Chefchaouen - Rif Mountains.
Feb 01, 2005
Dec 31, 2020
Where I stayed
chefchaouen camping grounds
. Once back at the campsite those rostered to cook got busy preparing fresh vegetables and rice for our tea. We ate extremely well on the trip with most meals being predominately fresh vegetables and fruit, which was all carefully washed in condy´s crystals before use.
The next morning Avan was up with the roosters (and the Muslim call to prayer) watching the sunrise over the mountains and light up the valley. The call to prayer is relayed by loud speakers at various points throughout the valley and mountain villages. After breakfast another local guide arrived to take us on a 4 hour hike in the mountains where we saw Marijuana fields, little villages and stunning scenery. We took mint tea very high in a mountain village with the locals. The mint tea drunk in copious quantities in Morocco (given that alcohol is banned) is made with a branch of mint in the glass and lots of sugar. We learnt to ask for it without sugar!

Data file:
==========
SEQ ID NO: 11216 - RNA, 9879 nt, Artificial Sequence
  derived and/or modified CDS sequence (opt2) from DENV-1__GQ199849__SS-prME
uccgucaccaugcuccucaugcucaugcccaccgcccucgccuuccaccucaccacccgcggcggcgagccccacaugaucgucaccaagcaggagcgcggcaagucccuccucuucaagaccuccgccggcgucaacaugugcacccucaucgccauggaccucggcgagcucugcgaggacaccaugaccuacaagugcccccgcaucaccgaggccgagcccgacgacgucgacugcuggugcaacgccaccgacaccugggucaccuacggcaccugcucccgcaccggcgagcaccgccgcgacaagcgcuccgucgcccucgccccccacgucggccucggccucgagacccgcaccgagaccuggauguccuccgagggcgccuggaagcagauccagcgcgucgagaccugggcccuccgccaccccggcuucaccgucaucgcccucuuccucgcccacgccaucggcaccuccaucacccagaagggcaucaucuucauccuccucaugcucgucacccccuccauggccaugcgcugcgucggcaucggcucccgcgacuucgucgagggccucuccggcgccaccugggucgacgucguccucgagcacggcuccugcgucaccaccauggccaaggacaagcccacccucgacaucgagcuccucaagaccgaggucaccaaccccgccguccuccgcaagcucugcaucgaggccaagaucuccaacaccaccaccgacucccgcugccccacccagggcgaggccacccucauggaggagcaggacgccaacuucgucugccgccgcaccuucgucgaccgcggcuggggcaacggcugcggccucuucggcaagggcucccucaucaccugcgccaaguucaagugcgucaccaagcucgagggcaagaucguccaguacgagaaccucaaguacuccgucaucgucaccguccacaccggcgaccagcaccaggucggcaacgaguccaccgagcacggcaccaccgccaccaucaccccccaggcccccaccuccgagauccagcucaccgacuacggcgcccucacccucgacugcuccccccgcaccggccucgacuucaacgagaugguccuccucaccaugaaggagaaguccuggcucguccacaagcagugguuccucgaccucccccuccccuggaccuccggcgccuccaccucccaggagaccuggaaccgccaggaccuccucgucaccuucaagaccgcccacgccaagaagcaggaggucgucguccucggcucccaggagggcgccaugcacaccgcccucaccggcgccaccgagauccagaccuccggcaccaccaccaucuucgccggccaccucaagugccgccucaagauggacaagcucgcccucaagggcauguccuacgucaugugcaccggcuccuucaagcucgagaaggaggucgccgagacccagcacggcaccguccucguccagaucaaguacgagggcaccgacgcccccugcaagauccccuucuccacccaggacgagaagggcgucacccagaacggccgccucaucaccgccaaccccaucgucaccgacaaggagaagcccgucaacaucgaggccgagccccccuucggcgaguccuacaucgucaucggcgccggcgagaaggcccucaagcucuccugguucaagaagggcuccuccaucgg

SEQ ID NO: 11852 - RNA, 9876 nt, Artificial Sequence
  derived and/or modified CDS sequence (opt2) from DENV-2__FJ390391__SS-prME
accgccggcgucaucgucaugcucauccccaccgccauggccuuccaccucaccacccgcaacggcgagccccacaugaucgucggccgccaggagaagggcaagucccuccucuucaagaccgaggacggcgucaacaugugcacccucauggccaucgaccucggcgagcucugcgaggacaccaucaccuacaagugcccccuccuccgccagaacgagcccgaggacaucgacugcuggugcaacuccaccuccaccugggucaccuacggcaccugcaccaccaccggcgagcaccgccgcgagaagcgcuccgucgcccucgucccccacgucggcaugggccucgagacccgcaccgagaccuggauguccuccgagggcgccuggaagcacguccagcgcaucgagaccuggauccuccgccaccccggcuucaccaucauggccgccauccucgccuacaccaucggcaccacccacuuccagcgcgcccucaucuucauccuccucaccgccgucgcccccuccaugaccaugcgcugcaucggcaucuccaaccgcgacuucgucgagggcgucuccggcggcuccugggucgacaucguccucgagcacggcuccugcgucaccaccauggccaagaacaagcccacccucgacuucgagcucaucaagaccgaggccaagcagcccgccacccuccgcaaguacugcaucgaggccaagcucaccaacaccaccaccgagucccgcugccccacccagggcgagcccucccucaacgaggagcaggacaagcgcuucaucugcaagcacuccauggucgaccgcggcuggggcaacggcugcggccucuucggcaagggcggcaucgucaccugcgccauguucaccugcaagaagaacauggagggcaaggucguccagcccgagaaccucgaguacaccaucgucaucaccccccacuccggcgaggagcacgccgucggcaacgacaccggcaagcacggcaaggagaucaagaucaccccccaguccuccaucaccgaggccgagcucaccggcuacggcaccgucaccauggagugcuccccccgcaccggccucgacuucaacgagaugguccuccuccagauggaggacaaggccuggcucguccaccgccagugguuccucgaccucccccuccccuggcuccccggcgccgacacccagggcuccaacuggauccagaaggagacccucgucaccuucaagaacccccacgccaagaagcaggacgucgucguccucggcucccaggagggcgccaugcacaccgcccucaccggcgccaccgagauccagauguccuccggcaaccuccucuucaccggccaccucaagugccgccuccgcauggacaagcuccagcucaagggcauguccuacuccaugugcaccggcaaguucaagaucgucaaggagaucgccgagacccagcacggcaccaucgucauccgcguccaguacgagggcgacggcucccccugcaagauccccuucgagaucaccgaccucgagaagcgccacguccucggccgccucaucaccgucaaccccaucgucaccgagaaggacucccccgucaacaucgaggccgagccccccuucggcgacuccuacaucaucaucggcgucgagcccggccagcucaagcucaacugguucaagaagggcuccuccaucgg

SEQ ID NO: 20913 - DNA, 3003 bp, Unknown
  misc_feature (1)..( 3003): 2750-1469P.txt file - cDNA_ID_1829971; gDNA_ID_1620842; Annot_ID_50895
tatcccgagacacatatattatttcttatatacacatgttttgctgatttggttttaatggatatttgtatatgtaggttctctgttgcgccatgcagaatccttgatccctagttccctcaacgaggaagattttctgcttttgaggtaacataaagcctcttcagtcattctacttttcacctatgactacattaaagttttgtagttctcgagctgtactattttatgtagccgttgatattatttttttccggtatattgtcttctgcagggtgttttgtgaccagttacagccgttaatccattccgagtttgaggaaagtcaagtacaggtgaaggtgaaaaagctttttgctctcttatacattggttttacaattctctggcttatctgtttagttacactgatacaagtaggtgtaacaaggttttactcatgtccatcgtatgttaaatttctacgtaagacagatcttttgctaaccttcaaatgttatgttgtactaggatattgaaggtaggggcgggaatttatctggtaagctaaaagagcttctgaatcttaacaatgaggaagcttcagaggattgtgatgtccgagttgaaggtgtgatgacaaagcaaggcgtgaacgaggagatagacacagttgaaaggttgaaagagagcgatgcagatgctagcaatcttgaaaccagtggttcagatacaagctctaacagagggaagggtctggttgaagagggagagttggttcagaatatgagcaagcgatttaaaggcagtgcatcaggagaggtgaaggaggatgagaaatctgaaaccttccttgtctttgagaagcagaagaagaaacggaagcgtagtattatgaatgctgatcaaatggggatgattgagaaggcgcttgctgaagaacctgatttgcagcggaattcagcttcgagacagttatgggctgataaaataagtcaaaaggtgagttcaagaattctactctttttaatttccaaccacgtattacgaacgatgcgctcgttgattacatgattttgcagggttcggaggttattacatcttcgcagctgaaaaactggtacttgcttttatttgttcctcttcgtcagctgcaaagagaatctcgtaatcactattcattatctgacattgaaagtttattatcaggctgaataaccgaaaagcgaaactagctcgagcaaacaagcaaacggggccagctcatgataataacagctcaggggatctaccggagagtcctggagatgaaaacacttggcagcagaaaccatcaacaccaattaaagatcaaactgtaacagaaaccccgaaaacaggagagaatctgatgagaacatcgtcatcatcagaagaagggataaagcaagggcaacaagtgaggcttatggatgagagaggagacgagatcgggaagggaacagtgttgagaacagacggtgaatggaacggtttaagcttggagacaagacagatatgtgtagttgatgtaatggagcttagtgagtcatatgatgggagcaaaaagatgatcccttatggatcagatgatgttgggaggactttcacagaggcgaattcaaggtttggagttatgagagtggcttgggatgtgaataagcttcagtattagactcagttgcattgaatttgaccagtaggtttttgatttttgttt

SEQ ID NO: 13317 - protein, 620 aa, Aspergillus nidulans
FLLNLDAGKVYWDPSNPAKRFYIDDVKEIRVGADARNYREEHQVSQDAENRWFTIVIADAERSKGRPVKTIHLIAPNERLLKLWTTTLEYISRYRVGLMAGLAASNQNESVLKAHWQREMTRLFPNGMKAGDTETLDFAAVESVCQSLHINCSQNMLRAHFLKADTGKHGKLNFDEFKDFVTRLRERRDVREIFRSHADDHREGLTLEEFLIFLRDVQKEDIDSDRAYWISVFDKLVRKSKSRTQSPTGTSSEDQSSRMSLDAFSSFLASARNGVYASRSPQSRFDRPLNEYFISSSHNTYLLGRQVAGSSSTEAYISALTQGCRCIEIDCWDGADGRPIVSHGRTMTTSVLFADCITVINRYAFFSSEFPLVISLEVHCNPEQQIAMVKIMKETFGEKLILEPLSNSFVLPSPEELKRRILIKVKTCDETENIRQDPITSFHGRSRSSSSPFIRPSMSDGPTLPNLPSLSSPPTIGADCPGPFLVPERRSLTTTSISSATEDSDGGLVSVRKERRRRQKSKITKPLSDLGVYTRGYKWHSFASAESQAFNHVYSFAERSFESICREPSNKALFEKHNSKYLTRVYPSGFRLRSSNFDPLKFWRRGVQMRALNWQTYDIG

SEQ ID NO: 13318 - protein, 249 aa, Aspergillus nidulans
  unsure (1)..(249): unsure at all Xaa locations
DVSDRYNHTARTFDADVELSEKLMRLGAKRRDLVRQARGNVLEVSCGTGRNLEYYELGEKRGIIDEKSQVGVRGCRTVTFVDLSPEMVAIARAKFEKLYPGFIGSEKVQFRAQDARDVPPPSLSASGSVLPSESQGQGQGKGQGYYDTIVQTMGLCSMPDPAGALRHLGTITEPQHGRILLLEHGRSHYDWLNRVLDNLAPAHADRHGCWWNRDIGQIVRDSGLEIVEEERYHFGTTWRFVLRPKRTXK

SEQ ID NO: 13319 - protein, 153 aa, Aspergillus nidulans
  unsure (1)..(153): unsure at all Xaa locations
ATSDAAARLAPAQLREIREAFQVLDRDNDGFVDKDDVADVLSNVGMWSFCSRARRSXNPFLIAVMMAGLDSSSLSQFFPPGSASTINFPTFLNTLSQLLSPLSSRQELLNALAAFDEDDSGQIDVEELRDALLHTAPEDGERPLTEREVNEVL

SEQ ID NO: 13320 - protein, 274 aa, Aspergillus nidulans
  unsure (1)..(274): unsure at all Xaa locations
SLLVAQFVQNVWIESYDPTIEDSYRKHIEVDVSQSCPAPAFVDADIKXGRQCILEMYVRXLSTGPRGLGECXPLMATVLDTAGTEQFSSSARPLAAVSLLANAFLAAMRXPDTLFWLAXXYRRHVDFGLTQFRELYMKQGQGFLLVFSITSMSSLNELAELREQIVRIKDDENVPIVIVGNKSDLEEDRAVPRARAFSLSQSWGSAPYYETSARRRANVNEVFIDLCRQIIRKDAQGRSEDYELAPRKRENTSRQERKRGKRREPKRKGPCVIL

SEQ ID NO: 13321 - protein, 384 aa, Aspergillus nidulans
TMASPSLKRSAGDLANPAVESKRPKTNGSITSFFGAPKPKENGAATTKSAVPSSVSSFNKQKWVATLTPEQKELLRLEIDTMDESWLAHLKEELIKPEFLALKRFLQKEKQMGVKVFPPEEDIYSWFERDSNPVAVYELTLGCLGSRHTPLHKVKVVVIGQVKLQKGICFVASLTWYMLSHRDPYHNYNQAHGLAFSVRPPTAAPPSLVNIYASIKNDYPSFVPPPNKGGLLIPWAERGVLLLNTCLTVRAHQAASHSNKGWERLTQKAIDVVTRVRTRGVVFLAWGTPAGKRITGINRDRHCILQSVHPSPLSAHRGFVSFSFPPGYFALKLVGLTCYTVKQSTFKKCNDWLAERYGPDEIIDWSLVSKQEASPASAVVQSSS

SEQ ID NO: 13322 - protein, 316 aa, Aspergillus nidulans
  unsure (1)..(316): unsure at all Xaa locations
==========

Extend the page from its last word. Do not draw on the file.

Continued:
Out first day of travel was really only a half day. We left the city of Tangier behind and journeyed up into the Rif Mountains arriving at our Chefchaouen campsite at lunchtime.The view from the campsite was spectacular as it was perched on the side of the mountain overlooking the city. Then it was time to set up our tents and stretchers for the first time. Reality set in a bit when we realized there were no pillows and our beds were canvas stretchers but generally we slept very comfortably on the trip. In the afternoon a local from Chefchaouen arrived at the campsite to take us on a tour of the city below. We were taken to have mint tea and biscuits at a weavers shop and shown the most amazing handwoven blankets and rugs. The Medina of the city (as most Moroccan cities) is a maze of twisting little alleys which are very easy to get lost in. As darkness set in we made the steep climb back up to the campsite which was a little eerie as the twisting path took us through a cemetery with the graves clinging precariously to the side of the mountain